What is World Mental Health Day?

October 10th sees an opportunity to raise awareness and start a conversation around mental health...

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These articles were written and submitted by young people across Kent, between August 2016 and July 2019. We are no longer adding new articles or maintaining old ones. Read more about Art31.

What is World Mental Health Day? A sterling question and I’m glad you asked because it’s coming up very soon – the 10th of October, to be precise, as it does every year – and it is more than just 24 hours of the year that we, as a society, have decided to dedicate to the topic of Mental Health, it is an opportunity.

Now lots of people use those typically vague and cliché soundbites that I have just done but never do they ring truer than on World Mental Health Day and that is simply because the topic itself is unprecedented in its scale – we all know that 1 in 4 people will suffer from mental health challenges at any point during their life, we all know that suicide is the most common cause of death for men aged under 50 in the United Kingdom but still, still, there is a perceived stigma around the whole conversation.

Let’s be clear, if this was cancer then we would be pouring funding for research and awareness out of our veins, if you have as much as a bump on your forehead or a graze on your arm then people, without fail, will ask you about it – how it happened, how it feels, “ooh, are you okay?” – but that just doesn’t happen when it comes to mental health for the very simple reason being that it isn’t a visible illness.

Except it is. If you know someone well enough then, in most cases, you can tell when something isn’t quite right whether it is something as simple as being slightly more tired than usual, a loss of confidence or even not going down to the pub as often as they used to – you know the person and you know what they’re like but, in many cases, we don’t feel the need to check up when we notice slight differences.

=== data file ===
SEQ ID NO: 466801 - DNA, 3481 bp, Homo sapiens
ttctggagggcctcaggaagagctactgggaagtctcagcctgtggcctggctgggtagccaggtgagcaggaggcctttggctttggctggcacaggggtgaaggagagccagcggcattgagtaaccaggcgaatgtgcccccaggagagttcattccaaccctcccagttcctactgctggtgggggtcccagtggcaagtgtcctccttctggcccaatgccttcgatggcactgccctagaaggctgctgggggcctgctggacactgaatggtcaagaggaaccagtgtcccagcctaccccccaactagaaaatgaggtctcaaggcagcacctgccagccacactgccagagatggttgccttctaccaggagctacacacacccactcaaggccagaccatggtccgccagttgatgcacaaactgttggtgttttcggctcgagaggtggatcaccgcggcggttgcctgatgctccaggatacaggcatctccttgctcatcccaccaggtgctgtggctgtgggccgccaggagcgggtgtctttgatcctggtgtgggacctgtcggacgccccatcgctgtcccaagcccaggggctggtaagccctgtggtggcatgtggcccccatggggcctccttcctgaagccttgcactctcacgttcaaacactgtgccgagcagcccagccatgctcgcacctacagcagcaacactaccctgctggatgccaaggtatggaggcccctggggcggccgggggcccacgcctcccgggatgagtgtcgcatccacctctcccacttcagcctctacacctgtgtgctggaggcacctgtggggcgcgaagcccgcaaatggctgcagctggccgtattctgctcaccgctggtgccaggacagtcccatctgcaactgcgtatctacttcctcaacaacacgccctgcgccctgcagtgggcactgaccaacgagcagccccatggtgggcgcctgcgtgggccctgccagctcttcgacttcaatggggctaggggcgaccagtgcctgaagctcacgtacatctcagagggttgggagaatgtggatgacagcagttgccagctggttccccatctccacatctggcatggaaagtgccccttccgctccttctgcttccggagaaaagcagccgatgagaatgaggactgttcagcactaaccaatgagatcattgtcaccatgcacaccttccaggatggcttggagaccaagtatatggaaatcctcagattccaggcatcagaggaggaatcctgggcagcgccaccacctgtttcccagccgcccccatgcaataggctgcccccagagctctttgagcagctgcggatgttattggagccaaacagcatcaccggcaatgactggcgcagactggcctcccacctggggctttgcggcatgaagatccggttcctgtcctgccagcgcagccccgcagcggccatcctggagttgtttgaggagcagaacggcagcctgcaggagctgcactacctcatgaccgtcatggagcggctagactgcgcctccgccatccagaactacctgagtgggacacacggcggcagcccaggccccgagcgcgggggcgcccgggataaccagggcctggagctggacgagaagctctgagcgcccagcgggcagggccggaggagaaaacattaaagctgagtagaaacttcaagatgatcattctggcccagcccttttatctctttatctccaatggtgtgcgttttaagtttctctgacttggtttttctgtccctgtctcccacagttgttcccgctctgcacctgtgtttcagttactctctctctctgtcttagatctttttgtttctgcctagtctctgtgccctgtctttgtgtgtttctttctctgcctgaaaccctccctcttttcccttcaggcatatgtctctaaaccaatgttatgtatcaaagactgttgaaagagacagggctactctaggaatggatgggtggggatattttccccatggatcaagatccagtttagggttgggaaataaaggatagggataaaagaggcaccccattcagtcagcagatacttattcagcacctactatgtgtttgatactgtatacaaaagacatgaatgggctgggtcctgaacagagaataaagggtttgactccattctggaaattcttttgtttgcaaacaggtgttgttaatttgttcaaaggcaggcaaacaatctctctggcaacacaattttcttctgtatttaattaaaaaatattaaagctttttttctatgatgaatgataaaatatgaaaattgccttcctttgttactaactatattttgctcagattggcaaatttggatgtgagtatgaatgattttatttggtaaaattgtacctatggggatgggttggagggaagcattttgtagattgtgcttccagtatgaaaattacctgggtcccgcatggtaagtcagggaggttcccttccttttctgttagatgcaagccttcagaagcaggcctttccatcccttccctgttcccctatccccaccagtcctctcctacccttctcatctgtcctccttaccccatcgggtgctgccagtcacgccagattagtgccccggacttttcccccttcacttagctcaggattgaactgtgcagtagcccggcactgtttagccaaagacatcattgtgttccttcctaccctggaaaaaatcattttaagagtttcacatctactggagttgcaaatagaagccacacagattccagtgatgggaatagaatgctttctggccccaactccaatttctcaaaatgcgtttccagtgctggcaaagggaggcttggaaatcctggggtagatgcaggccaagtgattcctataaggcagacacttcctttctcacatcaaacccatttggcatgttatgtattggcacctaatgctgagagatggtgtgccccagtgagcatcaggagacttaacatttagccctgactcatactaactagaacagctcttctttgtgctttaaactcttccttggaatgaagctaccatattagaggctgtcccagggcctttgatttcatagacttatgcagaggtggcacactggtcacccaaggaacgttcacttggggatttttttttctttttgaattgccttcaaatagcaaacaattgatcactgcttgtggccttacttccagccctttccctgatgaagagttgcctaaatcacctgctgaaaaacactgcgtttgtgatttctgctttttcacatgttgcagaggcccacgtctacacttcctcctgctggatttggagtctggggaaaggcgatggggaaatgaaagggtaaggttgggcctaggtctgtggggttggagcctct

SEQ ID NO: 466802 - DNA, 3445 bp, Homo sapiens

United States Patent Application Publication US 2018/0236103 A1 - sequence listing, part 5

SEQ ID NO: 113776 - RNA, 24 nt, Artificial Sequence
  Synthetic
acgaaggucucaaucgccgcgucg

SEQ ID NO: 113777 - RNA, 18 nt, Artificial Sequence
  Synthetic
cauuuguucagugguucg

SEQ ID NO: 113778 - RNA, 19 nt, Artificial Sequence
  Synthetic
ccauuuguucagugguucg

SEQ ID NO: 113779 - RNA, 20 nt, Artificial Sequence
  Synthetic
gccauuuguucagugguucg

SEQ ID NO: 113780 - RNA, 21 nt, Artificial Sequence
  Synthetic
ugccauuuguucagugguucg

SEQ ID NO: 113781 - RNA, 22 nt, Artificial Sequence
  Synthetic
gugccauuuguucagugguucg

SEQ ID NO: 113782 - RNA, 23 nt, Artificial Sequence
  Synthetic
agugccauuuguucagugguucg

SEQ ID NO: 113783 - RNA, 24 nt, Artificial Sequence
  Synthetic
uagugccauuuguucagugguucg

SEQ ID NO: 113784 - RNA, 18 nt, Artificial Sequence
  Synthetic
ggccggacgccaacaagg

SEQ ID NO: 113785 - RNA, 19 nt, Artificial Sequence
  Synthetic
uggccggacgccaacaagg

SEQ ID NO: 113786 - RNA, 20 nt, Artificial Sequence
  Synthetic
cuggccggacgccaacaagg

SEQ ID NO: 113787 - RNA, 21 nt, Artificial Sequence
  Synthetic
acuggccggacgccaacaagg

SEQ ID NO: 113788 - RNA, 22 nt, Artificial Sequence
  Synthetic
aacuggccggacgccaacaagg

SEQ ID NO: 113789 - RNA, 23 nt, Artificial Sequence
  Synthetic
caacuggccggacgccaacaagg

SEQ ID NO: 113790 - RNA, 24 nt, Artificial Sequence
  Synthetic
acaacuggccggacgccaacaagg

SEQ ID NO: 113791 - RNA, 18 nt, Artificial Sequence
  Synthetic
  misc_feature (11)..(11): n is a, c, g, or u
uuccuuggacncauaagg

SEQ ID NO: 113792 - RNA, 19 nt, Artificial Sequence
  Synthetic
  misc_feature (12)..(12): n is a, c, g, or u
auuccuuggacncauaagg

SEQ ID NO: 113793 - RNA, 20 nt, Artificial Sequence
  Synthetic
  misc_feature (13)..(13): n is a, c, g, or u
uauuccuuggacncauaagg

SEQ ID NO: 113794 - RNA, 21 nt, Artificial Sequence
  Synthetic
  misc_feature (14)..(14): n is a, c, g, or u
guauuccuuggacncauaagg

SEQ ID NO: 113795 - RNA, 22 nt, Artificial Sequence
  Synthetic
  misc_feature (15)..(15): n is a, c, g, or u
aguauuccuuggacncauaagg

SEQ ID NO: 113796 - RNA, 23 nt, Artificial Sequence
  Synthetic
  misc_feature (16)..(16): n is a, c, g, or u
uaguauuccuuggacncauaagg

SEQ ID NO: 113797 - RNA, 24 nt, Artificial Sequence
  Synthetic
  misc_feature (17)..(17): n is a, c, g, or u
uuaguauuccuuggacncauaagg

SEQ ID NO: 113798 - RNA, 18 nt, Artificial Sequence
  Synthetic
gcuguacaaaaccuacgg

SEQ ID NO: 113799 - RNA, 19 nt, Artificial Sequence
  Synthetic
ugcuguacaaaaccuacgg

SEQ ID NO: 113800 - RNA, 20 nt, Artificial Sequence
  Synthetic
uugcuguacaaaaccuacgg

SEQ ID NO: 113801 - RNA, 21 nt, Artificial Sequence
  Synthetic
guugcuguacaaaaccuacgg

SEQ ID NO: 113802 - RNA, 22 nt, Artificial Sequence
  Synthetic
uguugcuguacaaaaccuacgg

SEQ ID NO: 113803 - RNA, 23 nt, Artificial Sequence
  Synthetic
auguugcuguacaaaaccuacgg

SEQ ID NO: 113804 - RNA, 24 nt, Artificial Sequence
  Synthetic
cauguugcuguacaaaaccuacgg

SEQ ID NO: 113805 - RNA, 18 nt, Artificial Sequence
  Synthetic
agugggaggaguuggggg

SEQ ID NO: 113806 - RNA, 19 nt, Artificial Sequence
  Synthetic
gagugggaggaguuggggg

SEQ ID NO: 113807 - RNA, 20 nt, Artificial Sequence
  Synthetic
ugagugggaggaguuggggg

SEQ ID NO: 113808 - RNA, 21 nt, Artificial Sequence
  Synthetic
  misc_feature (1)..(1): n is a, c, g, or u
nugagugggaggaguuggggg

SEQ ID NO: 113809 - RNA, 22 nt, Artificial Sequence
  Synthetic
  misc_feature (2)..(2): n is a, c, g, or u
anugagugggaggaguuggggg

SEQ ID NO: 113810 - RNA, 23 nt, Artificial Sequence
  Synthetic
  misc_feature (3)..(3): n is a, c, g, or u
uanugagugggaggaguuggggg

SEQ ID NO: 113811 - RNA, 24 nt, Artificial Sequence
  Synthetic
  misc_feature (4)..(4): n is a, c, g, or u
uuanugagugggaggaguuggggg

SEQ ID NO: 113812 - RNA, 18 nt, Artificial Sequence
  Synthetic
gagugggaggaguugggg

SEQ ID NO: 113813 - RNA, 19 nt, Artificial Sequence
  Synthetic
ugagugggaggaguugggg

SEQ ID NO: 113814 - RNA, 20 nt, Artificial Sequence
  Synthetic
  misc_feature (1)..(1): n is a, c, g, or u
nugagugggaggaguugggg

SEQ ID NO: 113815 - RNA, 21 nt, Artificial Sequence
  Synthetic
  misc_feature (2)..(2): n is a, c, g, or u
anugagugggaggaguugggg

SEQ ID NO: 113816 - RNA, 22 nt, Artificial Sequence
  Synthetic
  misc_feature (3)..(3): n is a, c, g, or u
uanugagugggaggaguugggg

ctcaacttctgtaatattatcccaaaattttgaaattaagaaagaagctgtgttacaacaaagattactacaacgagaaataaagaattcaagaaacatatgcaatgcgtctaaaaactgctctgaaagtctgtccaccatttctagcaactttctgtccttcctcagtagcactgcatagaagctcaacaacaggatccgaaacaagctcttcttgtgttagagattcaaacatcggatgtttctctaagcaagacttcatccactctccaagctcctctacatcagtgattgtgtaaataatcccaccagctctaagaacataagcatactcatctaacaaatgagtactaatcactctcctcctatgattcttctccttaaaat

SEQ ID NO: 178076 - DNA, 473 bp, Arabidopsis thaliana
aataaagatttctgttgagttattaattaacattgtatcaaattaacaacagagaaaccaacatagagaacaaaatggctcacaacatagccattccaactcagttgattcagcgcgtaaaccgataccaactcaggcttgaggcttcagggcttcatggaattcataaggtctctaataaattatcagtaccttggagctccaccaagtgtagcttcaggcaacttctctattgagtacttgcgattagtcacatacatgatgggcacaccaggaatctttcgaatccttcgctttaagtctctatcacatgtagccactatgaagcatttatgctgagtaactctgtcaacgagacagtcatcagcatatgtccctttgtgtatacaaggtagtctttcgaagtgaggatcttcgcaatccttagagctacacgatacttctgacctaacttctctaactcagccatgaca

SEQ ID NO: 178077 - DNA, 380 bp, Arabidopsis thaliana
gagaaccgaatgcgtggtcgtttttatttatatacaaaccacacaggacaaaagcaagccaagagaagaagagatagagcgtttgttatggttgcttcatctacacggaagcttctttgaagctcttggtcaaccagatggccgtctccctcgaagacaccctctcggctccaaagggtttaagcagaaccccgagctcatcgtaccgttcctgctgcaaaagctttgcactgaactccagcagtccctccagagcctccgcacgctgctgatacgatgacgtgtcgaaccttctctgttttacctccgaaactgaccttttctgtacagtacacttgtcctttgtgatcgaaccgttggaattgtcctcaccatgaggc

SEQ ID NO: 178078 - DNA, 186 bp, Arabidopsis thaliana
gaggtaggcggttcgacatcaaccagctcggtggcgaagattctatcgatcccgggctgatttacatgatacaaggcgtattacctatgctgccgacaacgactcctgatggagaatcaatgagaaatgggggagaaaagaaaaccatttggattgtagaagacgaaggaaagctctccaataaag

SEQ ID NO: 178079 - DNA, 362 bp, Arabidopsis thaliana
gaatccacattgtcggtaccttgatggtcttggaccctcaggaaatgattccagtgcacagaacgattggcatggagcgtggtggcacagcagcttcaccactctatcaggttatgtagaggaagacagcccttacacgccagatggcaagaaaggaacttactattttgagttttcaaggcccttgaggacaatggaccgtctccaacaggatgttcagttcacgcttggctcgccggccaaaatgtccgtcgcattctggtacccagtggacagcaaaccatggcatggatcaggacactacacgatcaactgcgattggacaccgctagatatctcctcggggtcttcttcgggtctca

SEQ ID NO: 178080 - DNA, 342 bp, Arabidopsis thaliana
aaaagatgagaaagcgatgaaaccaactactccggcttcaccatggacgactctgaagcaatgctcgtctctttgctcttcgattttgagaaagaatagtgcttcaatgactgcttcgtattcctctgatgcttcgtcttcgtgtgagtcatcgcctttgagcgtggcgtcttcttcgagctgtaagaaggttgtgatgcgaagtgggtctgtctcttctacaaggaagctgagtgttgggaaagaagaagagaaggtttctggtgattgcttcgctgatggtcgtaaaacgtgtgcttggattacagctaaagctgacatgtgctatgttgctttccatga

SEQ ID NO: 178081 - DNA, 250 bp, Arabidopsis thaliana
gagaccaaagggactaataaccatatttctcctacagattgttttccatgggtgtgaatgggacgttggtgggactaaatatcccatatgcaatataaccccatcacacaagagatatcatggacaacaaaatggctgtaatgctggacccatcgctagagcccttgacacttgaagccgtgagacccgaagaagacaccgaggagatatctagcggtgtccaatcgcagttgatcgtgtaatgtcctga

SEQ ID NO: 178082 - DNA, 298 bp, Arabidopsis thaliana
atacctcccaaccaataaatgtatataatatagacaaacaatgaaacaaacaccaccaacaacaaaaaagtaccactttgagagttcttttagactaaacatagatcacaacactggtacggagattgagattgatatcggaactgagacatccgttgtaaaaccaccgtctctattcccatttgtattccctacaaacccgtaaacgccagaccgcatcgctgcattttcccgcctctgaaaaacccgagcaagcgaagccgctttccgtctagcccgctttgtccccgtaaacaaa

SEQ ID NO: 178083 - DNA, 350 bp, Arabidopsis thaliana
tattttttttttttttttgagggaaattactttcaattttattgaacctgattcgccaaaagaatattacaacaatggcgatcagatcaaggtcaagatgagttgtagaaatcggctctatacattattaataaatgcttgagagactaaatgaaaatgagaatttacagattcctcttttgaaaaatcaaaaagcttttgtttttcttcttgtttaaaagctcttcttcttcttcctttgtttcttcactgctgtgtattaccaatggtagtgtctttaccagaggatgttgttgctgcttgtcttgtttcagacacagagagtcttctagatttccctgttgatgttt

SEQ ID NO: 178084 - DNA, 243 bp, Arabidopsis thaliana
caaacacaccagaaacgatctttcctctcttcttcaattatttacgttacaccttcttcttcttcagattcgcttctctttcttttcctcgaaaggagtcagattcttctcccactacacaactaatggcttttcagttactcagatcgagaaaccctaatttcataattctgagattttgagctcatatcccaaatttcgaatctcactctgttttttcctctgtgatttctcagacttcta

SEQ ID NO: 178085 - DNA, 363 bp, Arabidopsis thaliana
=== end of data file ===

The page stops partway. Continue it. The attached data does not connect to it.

And that’s not a slur, that’s not to say people who do that are bad because EVERYONE is guilty of it!

Hence why we have World Mental Health Day, every year, on October 10th with over 150 countries worldwide participating with the singular aim being to raise awareness over the hundreds of mental health illness, because it’s not just depression, anxiety, schizophrenia, and to start a conversation in the media as well as between you and your friends.

It doesn’t even have to be anything major and that’s the crux of it – we’re not asking you to go from “What do you think of Paul Pogba this season?” to the next sentence, “Be honest, Paul, are you depressed?” – a simple “how are you?” is all that is required.

Oftentimes, and I speak from experience, people WILL be reluctant to open up but the reassurance that someone is asking and cares about them is enough to ease the pressure just a little bit and, trust me, when you’re in that situation the tiniest amount of breathing space is invaluable.

A very simple message, then – OCTOBER 10TH. ASK YOUR FRIENDS HOW THEY ARE.*

*and then do it every other day of the year, too, or it doesn’t count.

Oliver McManus

Special Guest

Hello! I'm currently studying at Canterbury College, in my second year of a journalism course and when I'm not studying or serving pizzas at Pizza Hut you'll often find me either writing or asleep!